Starbucks, PepsiCo and Mars Inc among world's most ethical companies in 2018
The Ethisphere Institute recognis...
Starbucks has once again been honoured by the Ethisphere Institute as one of the most ethical companies in the world.
The Ethisphere Institute recognises companies which “influence and drive positive change in the business community” and, for the 12th year in a row, the coffee chain has topped the list.
This year 135 companies were honoured with just six food and beverage companies making the list.
- Dunkin’ Donuts to eliminate styrofoam cups by 2020
- The UK’s food and drink industry has cut emissions by more than half
- Starbucks is piloting cashless checkouts at some of its biggest stores
Kellogg’s, Mars Inc., Illy, Grupo Bimbo, PepsiCo and Starbucks all made the list for demonstrating achievements in transparency, integrity, business ethics and compliance.
Since Ethisphere’s launch in 2007, Starbucks has been chosen every single year the institute compiled its list.
In previous years, the US-based coffee chain has pledged to donate over 100 million health coffee trees in regions such as Central America to make coffee farming more sustainable. Meanwhile, Illy coffee has also committed to sourcing only sustainably-grown coffee beans.
Mars Inc. has pledged to battle climate change after launching its ambitious Sustainability in Generation Plan last year. As such, the confectionary giant said it will invest around US$1bn in its sustainability initiatives and will slash greenhouse gas emissions across its value chain by 67% by 2050.
Kellogg’s already uses 20% renewable energy and has supported nearly 300,000 farmers with climate-smart agriculture around the world and PepsiCo is moving to use sustainable sources of palm oil after it committed to participating in Oxfam’s Fair Company-Community Partnerships project.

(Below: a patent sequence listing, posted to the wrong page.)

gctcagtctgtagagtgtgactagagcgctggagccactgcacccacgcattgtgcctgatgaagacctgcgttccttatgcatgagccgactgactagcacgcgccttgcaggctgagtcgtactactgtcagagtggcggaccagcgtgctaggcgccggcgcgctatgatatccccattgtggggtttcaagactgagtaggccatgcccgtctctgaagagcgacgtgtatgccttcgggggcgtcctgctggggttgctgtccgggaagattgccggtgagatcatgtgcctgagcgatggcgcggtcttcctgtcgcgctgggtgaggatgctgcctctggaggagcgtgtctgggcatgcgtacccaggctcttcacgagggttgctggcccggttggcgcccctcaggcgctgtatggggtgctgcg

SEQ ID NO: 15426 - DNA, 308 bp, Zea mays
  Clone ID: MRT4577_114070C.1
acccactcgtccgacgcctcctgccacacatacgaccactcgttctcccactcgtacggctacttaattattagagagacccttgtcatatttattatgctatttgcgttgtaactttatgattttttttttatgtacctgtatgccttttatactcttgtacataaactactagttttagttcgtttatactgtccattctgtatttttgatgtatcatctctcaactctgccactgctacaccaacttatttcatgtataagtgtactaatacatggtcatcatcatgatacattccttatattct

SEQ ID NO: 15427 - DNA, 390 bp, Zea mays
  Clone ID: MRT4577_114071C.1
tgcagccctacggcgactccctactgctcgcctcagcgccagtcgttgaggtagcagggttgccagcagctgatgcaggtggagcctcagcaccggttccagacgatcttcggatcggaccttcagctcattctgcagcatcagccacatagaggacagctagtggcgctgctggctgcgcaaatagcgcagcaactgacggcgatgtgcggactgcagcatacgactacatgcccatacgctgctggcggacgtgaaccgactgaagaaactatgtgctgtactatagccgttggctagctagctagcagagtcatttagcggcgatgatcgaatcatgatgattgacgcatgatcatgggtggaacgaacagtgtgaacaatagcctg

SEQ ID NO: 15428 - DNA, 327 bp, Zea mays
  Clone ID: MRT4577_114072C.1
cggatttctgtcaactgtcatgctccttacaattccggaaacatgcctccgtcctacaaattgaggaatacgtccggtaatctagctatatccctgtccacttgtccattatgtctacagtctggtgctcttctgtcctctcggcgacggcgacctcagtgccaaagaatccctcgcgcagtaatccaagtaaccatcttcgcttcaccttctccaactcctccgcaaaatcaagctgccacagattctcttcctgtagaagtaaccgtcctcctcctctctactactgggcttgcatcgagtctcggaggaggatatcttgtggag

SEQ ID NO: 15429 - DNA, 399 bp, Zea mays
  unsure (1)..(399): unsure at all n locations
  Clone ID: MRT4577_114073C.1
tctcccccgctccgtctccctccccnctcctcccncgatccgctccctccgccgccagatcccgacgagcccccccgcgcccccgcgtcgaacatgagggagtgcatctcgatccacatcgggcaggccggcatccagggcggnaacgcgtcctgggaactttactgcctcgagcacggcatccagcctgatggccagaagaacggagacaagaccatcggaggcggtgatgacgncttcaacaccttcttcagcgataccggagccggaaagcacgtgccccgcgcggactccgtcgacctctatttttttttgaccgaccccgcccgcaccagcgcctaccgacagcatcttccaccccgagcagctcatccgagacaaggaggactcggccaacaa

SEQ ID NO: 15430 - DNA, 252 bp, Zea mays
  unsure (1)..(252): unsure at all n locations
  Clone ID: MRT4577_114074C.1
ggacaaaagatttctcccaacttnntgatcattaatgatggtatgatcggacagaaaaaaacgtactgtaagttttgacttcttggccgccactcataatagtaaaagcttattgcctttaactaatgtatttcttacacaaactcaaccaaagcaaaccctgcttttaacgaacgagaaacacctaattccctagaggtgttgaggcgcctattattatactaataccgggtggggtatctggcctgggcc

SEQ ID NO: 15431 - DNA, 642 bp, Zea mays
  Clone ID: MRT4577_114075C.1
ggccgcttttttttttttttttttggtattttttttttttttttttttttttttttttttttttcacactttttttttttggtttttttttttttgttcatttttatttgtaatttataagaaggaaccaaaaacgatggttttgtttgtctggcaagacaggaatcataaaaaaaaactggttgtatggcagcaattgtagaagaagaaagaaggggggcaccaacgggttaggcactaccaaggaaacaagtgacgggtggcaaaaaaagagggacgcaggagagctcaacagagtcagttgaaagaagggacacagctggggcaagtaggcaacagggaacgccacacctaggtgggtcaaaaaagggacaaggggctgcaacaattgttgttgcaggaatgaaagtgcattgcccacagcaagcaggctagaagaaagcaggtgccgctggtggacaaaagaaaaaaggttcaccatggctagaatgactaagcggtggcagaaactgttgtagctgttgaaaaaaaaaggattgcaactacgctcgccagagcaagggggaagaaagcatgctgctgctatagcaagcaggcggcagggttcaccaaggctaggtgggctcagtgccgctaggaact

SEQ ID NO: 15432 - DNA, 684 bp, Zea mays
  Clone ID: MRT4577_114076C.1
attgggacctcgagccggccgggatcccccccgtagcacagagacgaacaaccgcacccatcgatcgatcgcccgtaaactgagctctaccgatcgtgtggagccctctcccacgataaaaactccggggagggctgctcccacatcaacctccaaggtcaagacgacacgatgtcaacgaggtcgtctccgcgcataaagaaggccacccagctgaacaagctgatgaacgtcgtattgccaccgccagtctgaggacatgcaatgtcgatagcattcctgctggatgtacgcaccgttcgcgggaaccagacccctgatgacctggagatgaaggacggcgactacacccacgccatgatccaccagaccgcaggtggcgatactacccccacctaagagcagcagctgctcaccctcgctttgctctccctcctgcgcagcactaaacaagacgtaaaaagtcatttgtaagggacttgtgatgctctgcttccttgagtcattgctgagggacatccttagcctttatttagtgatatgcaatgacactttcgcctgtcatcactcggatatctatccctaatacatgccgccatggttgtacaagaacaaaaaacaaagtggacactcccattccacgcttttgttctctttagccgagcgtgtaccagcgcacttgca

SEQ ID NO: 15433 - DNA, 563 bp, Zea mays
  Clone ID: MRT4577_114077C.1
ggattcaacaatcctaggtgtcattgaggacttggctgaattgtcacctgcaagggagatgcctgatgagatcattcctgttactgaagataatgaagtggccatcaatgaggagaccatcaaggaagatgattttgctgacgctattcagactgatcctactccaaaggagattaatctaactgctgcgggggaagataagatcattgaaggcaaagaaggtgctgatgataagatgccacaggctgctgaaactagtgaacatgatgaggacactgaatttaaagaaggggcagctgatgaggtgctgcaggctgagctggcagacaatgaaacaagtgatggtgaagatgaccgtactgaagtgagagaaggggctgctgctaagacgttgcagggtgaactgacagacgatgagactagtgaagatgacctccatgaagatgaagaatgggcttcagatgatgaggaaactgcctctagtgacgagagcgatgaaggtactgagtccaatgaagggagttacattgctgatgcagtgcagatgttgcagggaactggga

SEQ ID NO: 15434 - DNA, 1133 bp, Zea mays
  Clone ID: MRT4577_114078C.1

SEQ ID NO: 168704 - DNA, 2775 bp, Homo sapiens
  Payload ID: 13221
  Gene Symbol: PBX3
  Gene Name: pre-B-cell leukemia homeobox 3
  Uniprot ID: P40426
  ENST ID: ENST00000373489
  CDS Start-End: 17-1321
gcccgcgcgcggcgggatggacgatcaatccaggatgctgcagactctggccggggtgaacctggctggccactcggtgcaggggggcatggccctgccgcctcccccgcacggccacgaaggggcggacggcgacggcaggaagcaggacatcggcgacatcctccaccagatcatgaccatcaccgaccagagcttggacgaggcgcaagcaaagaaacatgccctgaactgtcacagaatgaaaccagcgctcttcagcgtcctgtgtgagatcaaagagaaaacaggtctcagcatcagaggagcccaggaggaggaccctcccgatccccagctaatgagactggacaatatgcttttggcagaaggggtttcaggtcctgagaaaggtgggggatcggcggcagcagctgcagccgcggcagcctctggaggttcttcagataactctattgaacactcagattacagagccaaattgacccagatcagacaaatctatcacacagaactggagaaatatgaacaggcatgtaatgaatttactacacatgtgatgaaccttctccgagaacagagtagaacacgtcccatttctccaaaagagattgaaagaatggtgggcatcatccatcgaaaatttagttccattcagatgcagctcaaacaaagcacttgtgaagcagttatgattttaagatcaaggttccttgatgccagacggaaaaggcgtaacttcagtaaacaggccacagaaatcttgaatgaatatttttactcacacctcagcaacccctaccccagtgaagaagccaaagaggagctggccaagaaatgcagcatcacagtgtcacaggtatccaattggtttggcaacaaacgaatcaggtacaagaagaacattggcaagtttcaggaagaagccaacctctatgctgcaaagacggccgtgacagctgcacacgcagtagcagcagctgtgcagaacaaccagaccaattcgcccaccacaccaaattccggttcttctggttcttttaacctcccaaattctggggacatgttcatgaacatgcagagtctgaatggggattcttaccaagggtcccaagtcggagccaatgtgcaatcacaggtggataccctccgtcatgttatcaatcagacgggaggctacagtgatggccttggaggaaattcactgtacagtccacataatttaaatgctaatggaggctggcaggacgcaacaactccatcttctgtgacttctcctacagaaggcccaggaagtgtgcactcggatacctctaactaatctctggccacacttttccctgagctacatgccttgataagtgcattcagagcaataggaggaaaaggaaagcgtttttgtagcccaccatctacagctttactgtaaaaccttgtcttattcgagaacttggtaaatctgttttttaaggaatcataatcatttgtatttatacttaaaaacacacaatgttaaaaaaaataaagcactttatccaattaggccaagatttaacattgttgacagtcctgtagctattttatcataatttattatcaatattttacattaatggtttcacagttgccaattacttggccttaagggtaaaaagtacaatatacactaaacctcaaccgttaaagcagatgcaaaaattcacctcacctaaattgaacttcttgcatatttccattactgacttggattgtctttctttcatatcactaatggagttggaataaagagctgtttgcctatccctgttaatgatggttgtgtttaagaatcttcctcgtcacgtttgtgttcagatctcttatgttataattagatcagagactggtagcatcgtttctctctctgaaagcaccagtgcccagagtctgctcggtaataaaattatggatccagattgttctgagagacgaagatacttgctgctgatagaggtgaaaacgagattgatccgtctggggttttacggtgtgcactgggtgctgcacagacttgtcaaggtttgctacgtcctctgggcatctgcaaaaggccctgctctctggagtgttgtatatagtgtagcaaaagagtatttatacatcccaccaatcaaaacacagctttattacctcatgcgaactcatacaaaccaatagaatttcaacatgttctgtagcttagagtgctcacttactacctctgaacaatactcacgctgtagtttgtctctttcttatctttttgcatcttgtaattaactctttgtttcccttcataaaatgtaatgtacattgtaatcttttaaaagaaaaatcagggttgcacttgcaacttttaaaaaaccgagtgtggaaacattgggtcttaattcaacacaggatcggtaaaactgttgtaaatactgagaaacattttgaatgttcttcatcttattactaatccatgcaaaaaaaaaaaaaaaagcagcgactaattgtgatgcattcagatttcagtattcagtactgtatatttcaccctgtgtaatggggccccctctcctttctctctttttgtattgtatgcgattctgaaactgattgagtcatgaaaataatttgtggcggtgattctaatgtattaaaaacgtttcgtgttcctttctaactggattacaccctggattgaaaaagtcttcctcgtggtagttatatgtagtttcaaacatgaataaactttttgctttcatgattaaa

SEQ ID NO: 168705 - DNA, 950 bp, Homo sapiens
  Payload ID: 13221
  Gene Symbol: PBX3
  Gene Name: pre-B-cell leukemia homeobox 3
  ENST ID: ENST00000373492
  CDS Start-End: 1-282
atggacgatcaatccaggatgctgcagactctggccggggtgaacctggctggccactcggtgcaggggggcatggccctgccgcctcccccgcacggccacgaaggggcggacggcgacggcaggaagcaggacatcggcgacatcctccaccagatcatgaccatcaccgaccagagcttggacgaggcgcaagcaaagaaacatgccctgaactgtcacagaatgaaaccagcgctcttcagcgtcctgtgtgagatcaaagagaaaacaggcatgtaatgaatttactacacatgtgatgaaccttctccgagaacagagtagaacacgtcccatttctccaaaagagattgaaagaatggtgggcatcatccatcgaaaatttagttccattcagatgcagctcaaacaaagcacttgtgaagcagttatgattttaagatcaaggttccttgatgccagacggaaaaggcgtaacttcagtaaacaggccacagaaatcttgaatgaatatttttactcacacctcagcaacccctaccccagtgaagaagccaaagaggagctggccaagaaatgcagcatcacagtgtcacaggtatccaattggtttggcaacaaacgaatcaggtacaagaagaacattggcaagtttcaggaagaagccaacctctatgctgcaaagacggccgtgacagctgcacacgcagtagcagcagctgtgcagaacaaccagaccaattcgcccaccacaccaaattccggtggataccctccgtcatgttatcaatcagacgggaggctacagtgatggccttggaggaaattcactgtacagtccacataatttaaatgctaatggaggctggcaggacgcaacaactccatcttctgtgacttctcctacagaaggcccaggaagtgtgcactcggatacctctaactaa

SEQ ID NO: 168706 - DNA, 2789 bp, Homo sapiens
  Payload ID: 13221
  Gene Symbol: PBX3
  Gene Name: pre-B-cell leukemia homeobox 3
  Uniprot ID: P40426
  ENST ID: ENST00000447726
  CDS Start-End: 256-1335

Starbucks to open 10,000 sustainable stores in bid to save US$50mn
The plans come under an initiative called the “Starbucks G...
Starbucks has announced plans to open 10,000 “greener stores” around the world by 2025
The plans come under an initiative called the “Starbucks Greener Stores Framework”, which the coffee company will develop with experts in the field such as SCS Global Services, and the World Wildlife Fund.
Kevin Johnson, Starbucks’ CEO, said in a company statement that Starbucks has a responsibility to promote environmental sustainability.
“We are a company in [sic] that believes, in the fabric of mission and values, that the pursuit of profit is not in conflict with the pursuit of doing good”.
The announcement aligns with Starbucks’ efforts over the past decade to create sustainable buildings, working in partnership with the US Green Building Council.
The company has said it will go beyond the Leadership in Energy and Environmental Design (LEED) sustainable building criteria, which it developed alongside the US Green Building Council, to focus on powering its stores in the US and Canada with 100% renewable energy.
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- Jim Donald appointed the CEO of Albertsons
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Starbucks plans to introduce technology to both new buildings and in renovations of existing stores that will save 25-30% on energy and water use.
Marketing Magazine said this could save Starbucks around US$50mn incrementally over the next decade.
This year, Starbucks committed to eliminate its reliance on single-use straws in 28,000 stores by 2020, and also said that it is developing compostable paper cups.